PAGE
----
Collectively, clinicians, technicians, and researchers have limited access to the most up-to-date facilities and knowledge for their work. The difficulties include the need to train the hospital staff, provide analyses of biological specimens for diagnosis, and keep staff abreast of latest developments in trends and clinical procedures. Overall, medical professionals use WeChat Groups to access information and resources and support their staff’s capacity to share resources across social networks. These functions, both offline and online, are becoming increasing important in the transfer of technologies, skills, and knowledge from HIC into LMIC settings to support equitable global development and improve global health equity. In this vein, clinicians across several disciplines have identified novel ways to utilize WeChat Groups for training of students in multimodal curriculums [- ]. The solution that organically arose is to use WeChat Groups to effectively pool resources and knowledge from social networks that map beyond the physical limitations of a hospital or single medical facility.
This study demonstrates the pathways of information sharing engaged by medical professionals within and outside of China, but is limited in discerning the strength of these interactions. During the study data collection, participants highlighted the locations and venues where their connections were first made, describing why trust was important for validating linkages, and relating how trust was established for other members in a given professional group established within WeChat Groups. In-person observations, interviews, and digital ethnographies were used to identify the differentiated roles that various members in a group performed. However, one of the limitations of this study is that follow-ups with individual participants were limited, hence information on why individual connections within a group were made is reliant on interview information collected during initial entry into the study. Observations of which individuals were tapped for various types of information, what kind of resources were used to obtain the information, or how the data shared in the online setting of social media transcended into improvements in medical transcription of patient records or offline patient cares services are limited to WeChat Groups chat functions only. Further studies into the next steps of patient care could help improve knowledge of how medical professionals implement tailored services for patients across LMIC settings across geographic barriers.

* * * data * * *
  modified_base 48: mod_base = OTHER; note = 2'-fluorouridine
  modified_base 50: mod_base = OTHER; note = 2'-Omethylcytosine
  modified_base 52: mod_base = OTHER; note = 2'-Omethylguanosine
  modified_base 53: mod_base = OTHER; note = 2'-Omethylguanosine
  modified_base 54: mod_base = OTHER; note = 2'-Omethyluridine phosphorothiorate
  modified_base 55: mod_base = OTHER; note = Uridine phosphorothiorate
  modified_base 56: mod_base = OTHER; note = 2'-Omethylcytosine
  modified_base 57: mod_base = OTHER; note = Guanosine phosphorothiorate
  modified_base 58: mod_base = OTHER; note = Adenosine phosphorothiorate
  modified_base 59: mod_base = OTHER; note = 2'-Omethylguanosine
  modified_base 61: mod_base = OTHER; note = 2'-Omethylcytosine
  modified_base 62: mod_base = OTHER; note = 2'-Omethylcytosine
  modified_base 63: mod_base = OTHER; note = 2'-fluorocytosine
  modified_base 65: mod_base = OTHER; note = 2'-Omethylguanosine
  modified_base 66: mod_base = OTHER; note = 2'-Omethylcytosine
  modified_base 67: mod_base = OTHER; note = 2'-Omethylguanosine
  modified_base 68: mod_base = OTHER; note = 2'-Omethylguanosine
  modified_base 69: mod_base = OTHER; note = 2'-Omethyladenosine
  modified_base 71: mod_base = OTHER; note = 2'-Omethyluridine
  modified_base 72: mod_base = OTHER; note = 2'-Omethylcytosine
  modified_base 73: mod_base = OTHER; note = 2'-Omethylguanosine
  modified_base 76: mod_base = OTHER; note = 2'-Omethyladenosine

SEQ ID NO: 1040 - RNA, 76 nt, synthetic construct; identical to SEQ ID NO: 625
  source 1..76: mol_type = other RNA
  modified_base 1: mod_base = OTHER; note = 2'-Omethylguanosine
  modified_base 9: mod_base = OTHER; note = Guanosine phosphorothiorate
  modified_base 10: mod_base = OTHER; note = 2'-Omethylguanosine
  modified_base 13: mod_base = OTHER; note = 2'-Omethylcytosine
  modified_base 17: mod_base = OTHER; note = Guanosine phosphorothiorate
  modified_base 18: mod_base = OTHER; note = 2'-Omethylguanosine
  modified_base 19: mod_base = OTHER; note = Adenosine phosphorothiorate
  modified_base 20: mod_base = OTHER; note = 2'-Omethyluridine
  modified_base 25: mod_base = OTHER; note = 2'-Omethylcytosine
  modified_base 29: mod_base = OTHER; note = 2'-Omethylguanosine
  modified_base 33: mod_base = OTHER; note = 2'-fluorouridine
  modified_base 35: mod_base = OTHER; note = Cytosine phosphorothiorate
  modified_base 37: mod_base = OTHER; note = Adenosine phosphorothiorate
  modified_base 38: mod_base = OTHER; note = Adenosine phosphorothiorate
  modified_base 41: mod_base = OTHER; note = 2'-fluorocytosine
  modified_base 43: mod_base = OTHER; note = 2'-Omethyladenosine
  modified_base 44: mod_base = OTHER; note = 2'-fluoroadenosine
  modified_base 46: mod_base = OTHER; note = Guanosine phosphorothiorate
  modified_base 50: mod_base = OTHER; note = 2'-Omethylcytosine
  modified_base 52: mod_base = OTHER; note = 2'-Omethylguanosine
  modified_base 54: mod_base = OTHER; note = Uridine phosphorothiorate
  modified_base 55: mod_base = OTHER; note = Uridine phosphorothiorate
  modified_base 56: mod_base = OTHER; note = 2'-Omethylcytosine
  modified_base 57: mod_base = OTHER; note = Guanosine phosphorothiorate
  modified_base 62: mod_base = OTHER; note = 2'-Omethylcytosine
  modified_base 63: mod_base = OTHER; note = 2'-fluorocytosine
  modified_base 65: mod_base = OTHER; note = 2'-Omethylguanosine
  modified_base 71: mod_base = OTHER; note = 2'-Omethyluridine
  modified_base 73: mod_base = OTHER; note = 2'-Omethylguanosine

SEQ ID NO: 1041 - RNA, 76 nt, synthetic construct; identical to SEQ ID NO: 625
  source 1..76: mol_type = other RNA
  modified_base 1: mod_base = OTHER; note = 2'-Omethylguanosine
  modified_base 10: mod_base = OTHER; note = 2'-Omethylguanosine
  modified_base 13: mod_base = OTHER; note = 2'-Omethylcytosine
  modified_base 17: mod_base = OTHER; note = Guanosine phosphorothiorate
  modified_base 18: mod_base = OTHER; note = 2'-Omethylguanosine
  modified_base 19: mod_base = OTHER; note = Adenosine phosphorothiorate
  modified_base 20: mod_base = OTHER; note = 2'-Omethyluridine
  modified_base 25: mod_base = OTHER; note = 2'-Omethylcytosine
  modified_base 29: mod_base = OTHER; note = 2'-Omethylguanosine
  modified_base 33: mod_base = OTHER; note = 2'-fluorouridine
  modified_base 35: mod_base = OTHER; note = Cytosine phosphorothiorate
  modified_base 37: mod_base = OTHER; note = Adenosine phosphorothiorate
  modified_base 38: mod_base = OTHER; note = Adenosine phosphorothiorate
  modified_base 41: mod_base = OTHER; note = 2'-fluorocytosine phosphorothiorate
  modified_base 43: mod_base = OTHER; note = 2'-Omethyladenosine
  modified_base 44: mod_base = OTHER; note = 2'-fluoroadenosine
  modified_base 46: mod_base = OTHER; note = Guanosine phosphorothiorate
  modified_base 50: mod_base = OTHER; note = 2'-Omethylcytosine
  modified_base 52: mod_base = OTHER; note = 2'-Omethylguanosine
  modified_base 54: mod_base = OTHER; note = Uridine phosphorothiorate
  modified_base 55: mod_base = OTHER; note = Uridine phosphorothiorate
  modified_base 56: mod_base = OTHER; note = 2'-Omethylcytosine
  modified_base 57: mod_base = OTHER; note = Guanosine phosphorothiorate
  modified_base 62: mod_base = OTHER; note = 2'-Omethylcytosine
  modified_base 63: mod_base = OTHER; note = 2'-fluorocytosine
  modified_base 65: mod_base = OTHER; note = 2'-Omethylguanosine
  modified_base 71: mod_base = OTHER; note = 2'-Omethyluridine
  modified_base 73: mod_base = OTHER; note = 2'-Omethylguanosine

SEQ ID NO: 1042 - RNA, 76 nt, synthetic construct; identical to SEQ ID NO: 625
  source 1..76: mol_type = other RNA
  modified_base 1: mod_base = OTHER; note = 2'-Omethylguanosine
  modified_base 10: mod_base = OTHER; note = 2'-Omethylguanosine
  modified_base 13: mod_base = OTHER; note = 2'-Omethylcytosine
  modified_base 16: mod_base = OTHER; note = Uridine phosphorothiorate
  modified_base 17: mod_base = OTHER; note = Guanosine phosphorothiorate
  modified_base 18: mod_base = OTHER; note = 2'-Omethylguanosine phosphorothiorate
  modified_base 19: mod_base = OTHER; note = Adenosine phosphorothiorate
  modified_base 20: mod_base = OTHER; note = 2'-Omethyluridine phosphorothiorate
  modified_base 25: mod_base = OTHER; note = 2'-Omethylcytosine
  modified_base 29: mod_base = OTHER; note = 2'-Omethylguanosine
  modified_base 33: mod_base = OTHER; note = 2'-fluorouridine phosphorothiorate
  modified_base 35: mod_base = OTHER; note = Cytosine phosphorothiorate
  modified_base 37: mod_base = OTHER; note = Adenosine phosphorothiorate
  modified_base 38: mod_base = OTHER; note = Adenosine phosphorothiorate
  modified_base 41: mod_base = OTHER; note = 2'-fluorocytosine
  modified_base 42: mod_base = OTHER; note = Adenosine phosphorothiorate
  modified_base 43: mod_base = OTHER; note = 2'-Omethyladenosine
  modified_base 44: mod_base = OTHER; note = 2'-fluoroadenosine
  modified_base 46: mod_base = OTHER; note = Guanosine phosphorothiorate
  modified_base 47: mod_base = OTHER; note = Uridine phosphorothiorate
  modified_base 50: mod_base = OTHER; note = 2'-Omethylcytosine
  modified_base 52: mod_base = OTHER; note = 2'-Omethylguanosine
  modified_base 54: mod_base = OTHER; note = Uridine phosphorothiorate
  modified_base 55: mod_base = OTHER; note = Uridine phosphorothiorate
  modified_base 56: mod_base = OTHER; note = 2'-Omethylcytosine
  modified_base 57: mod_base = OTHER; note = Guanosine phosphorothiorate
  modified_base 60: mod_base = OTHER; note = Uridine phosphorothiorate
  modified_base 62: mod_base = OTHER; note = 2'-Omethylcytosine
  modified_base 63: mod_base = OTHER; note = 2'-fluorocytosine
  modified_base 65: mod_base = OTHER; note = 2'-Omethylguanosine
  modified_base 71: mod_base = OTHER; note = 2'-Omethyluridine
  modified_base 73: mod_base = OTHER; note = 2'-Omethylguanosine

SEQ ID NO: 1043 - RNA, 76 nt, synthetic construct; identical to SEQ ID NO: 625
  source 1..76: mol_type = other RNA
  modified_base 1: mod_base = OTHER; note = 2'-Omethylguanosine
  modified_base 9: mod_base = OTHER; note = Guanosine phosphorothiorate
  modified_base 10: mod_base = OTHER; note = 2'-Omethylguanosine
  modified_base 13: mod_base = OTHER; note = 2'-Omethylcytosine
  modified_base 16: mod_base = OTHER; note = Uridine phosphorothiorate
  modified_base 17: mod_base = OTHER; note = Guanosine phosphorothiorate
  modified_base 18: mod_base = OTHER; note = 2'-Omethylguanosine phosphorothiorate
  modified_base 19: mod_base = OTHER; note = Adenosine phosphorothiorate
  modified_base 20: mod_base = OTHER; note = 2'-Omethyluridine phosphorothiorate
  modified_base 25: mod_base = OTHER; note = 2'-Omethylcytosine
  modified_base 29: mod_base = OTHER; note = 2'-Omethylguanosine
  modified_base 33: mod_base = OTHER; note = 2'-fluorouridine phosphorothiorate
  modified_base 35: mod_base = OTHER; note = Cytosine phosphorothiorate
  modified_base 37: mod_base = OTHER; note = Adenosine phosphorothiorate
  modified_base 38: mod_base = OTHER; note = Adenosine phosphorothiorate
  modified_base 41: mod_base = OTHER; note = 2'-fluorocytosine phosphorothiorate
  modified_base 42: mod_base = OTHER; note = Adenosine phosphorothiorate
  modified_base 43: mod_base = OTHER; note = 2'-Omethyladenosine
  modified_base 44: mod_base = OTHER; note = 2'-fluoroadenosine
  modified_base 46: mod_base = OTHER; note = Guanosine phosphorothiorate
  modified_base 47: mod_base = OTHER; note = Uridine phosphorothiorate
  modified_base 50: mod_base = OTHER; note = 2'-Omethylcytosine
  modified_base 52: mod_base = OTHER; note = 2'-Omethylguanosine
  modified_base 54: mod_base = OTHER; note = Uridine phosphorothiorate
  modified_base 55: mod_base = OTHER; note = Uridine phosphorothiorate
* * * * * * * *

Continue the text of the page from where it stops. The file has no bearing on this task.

Another limitation of the study is that there was minimal documentation, interview questions, and participant observations of the technological deficiencies in the functions of WeChat, or the impact of these technological issues on the dynamics of WeChat Groups. For example, in the wider literature, issues such as restrictions on the maximize size of a file upload may have imposed size limitations on information sharing for large files, such as videos clips of presentations. Another technological difficulty was that images and files that are not immediately downloaded and saved onto the hard drive of the smartphone or onto a synced-up account on a computer could be deemed “unavailable” after the regularly scheduled purge. At times, when certain websites or links could not go through due to censorship algorithms, WeChat Groups members would take screenshots of the websites or content, then share the screenshots as a series of photograph images. Overall, these technological deficiencies in WeChat and WeChat Groups had minimal impact, and were readily dealt with in the data collection process because WeChat users in China are accustomed to creative solutions in circumventing restrictions . As part of the digital ethnography data collection process, when technical issues arose on WeChat or within WeChat Groups, the impacted study participants were directly contacted on WeChat via text message or WeChat call on a 1-on-1 basis, by phone call or email, and alternative methods for sharing large files, for circumventing censorship algorithms, or for resharing the “unavailable” files again, and thus succeeding in completing data collection. Future research could delve into the technological deficiencies and the bottom-up work-arounds developed by health professionals to overcome restrictions in information sharing.